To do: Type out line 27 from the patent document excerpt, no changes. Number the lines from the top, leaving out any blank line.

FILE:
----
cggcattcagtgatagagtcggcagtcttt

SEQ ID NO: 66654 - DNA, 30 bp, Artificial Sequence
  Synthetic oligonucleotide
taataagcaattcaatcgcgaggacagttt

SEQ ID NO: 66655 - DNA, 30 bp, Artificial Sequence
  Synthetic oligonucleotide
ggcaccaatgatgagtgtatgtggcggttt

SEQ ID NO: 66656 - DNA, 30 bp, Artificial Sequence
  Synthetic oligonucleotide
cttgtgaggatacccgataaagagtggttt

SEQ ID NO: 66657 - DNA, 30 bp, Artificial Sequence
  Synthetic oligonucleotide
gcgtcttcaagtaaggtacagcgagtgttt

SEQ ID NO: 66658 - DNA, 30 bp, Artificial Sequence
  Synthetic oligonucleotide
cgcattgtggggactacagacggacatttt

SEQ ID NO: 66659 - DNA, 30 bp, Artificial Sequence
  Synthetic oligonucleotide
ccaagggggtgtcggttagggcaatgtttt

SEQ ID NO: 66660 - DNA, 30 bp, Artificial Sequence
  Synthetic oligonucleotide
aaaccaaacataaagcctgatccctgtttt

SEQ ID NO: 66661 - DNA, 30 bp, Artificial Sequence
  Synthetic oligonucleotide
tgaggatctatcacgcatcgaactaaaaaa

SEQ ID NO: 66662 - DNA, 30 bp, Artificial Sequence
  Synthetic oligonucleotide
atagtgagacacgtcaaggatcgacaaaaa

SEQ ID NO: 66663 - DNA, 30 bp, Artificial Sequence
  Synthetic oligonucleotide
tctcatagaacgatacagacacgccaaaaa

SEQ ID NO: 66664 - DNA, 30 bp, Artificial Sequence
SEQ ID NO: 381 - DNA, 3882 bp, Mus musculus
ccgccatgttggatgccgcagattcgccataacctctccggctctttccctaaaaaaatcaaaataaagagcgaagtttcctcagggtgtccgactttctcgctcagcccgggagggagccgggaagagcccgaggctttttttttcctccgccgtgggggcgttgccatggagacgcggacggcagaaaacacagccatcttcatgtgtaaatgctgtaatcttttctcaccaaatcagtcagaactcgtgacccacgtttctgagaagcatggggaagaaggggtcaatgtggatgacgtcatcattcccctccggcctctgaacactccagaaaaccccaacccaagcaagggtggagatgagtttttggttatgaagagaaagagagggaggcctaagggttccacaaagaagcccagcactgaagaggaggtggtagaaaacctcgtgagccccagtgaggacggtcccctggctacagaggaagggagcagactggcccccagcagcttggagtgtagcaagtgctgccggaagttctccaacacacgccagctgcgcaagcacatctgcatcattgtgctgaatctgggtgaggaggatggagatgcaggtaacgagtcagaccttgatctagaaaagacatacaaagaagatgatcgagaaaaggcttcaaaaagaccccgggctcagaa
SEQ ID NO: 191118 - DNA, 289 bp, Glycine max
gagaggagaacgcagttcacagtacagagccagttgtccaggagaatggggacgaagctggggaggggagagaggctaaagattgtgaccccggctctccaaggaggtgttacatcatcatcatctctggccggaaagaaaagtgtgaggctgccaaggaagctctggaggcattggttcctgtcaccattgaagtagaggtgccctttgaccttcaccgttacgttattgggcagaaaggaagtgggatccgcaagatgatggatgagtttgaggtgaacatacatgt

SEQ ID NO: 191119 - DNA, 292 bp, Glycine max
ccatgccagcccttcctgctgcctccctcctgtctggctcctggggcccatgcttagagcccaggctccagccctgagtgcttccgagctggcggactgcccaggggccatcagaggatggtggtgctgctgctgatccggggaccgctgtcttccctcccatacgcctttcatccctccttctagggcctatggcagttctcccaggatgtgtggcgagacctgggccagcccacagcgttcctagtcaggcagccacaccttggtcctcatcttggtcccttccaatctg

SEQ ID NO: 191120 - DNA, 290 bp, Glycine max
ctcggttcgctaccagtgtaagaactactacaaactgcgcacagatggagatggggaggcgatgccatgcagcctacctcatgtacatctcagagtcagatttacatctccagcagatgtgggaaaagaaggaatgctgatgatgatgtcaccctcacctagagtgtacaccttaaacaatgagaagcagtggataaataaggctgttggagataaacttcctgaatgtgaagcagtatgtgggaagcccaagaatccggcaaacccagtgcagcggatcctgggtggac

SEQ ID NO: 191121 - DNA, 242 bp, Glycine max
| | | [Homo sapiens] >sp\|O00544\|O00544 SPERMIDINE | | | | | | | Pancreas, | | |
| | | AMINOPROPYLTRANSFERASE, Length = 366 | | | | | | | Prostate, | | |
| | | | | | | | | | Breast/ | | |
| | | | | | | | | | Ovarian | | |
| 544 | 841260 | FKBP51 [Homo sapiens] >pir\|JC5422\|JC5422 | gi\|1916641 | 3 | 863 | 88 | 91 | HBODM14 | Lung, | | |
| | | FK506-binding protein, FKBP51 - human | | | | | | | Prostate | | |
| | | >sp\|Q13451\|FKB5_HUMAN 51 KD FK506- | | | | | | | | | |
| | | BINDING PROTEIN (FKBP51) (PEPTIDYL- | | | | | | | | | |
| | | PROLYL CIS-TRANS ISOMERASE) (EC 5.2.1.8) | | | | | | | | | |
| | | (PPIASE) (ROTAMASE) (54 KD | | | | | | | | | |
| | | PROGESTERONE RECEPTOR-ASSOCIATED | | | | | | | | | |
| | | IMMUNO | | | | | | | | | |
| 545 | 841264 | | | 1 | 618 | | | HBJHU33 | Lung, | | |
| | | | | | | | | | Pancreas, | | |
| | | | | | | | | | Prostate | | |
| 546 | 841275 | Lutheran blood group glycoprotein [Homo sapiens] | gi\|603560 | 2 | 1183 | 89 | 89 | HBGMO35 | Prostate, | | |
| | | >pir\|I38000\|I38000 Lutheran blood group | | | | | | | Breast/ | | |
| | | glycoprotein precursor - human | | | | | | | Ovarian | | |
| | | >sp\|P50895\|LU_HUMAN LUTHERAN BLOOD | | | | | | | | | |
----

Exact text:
  Synthetic oligonucleotide